Smaller, more focused social networks within your industry may be the best places to establish a presence. Association websites, industry blogs or niche social networks may be more targeted and more useful places to promote your ideas.
4. Impress the Press
Ideas delivered through media outlets have instant credibility, so PR is an important tool for thought leadership. There are effective, inexpensive ways to get the attention of reporters.
Response Campaign: When you comment on a reporter’s articles with thoughtful responses, even if you disagree. It may take months, but eventually, you’ll earn both the attention and trust of the journalist. (Thank you, Gini Dietrich for this tip!)
HARO: The “Help a Reporter Out” newsletter is a tool that connects the media (busy journalists) with sources (you). Thousands of journalists on deadlines post requests, which come to you as an email. Subscribe to the categories that are relevant to you, scan through looking for matches, then quickly write to the reporter with an offer to help.
Write Editorials: Thought leaders have strong opinions and newspapers are looking for Op/Ed content. If you’re passionate on a topic in the news, take the time to write and submit an opinion piece.
5. Guest Blogging
Demonstrating your expertise in the media is great. But a well-placed guest blog post can be almost as good. There is very little difference between guest blogging and PR. They’re both about putting your views in front of a new audience.
First, find the websites that your audience is likely to be reading. These may be familiar industry websites, association blogs or local online news sites. You can find a list of possible targets by searching Google. Just enter: [your topic] “write for us” and you’ll be looking at a giant list of relevant blogs looking for content.
Find a site that has an engaged readership. If there is lots of sharing and comments, that’s a good sign. Notice the style: topics, tone, length, formatting, links, images. Could you produce something in this style that these readers would value?
Next, connect with the writers or editors on social media. Ask if they’re considering guest posts. Pitch your idea. Be sensitive to their time and their interests. If you’re not able to connect with them, the last resort is submitting your pitch through their contact form.
Tip: Pitching is easier if you’ve already built a social media presence first, since they’re likely to notice the size of your following. This social proof makes you look credible. It also shows you may bring your own audience to this guest post.
Finally, submit a great piece of content. If they accept it, be ready to share it and respond to comments when it goes live. Also, be sure to maintain the relationship with the editor.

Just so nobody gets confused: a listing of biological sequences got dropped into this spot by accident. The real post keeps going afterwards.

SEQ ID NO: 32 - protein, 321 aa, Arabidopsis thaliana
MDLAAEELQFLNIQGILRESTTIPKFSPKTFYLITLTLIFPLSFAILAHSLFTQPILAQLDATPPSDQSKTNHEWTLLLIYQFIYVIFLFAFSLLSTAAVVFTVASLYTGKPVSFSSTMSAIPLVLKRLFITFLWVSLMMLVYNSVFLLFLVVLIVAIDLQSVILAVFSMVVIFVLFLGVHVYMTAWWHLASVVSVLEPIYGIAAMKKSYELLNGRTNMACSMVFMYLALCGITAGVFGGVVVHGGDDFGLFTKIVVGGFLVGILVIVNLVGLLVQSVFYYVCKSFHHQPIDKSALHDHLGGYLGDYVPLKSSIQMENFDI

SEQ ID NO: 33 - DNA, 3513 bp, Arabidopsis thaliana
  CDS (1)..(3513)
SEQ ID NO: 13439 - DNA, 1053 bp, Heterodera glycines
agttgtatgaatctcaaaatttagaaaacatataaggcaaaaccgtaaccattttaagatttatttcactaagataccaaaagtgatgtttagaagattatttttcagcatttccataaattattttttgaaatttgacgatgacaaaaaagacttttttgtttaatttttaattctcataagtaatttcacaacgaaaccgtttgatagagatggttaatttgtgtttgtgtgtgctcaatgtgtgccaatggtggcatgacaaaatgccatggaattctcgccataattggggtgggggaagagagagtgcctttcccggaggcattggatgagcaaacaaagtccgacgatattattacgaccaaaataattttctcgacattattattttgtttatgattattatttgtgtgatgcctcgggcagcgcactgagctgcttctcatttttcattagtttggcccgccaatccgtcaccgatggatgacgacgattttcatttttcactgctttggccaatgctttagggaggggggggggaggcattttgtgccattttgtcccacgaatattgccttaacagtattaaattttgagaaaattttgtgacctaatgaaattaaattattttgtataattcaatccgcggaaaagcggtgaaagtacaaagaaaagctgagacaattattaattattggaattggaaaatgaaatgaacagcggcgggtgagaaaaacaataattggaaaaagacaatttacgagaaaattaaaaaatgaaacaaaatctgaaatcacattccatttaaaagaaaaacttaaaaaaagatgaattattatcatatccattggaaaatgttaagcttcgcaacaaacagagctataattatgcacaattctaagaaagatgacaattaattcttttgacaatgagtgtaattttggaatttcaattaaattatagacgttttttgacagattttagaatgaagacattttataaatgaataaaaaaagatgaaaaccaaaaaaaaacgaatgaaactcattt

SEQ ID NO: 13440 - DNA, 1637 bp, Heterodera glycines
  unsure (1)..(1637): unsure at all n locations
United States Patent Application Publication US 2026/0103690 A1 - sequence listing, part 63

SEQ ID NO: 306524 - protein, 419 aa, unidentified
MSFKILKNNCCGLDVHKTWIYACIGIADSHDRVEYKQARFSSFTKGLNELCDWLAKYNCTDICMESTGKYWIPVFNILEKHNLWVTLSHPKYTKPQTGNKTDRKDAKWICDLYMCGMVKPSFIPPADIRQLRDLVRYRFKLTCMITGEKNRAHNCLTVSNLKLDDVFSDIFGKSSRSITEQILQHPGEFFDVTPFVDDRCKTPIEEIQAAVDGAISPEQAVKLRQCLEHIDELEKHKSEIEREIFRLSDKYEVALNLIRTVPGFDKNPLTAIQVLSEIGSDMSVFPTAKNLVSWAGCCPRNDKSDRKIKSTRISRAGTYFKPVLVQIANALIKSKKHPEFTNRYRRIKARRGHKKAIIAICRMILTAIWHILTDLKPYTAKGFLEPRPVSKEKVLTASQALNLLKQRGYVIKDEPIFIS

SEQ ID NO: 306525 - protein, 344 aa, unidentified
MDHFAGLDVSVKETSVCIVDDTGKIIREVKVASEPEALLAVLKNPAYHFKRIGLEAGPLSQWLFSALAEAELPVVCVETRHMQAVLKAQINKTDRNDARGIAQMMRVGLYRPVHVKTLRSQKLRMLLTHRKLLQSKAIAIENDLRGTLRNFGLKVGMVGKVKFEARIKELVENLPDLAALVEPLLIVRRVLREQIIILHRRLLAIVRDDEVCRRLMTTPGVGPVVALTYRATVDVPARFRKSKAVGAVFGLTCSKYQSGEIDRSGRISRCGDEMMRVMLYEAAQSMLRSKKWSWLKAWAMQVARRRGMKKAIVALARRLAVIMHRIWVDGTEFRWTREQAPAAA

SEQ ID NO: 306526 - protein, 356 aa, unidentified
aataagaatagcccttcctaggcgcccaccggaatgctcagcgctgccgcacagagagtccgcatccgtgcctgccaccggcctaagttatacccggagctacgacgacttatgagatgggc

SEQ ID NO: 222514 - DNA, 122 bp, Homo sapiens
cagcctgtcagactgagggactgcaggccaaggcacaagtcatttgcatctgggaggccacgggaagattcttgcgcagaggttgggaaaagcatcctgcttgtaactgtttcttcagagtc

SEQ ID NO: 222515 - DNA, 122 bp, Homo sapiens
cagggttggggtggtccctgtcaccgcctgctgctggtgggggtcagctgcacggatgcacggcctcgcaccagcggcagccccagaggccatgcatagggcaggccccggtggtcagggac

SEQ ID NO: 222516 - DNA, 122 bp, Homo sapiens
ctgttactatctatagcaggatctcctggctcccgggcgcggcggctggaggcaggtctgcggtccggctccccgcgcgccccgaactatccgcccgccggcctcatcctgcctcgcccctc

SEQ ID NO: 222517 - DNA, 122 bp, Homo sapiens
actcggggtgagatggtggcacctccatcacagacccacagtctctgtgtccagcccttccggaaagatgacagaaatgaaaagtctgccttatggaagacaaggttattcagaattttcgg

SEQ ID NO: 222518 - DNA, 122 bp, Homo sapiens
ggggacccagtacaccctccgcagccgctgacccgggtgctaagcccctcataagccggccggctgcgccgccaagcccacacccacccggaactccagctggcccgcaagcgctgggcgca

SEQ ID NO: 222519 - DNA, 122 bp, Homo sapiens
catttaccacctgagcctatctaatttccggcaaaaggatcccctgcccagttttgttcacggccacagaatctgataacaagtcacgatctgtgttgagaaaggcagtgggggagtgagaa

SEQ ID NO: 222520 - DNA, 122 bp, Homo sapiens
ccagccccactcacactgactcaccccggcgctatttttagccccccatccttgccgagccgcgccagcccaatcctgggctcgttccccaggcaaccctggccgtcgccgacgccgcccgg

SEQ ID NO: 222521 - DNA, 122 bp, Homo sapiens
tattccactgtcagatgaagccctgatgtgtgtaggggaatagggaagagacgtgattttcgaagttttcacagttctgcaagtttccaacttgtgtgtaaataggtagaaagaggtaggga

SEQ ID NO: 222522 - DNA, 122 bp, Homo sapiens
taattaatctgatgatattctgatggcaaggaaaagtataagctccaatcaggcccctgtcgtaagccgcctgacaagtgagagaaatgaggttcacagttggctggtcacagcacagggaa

6. Public Speaking
Nothing beats in-person events for building trust. There is no better networking. Presenting at conferences and tradeshows let’s you show your passion as well as your expertise. Your style and your substance.
Start by finding and applying to smaller events in your industry with the goal of eventually presenting at bigger, more prestigious events. When you present, make sure your presentation is solid. It should be informative, entertaining and non-promotional. Don’t sell while you’re speaking or you’ll hurt your credibility.
Tip: If you’re speaking at an event, do your best to help fill the room. Use your own social media network to drive registrations. Read: How to Market an Event.
7. Be Yourself
No need for an expensive personal branding exercise. Don’t overthink things. Trust that you have information and insights that are relevant to thousands of people. When you talk about these things, speak with your own voice.
Thought leadership is an ambitious goal. You’re on the right track if you meet these criteria:
You have a unique perspective on your industry and original, innovative ideas
You have a passion for helping other by promoting your ideas
You can prove your expertise with an impressive track record
You create and share great content. This could be original research, proven advice or strong opinions.
Last Word: Be Patient. Be Persistent.
Establishing a reputation takes time. Name a true thought leader and look at their background. It likely took years or even a decade for them to establish themselves. Creating great content, courting the press and building a social media network all take time. I’ll leave you with this fantastic quote, from former US President Calvin Coolidge:
Nothing in the world can take the place of persistence. Talent will not; nothing is more common than unsuccessful men with talent. Genius will not; unrewarded genius is almost a proverb. Education will not; the world is full of educated derelicts. Persistence and determination alone are omnipotent...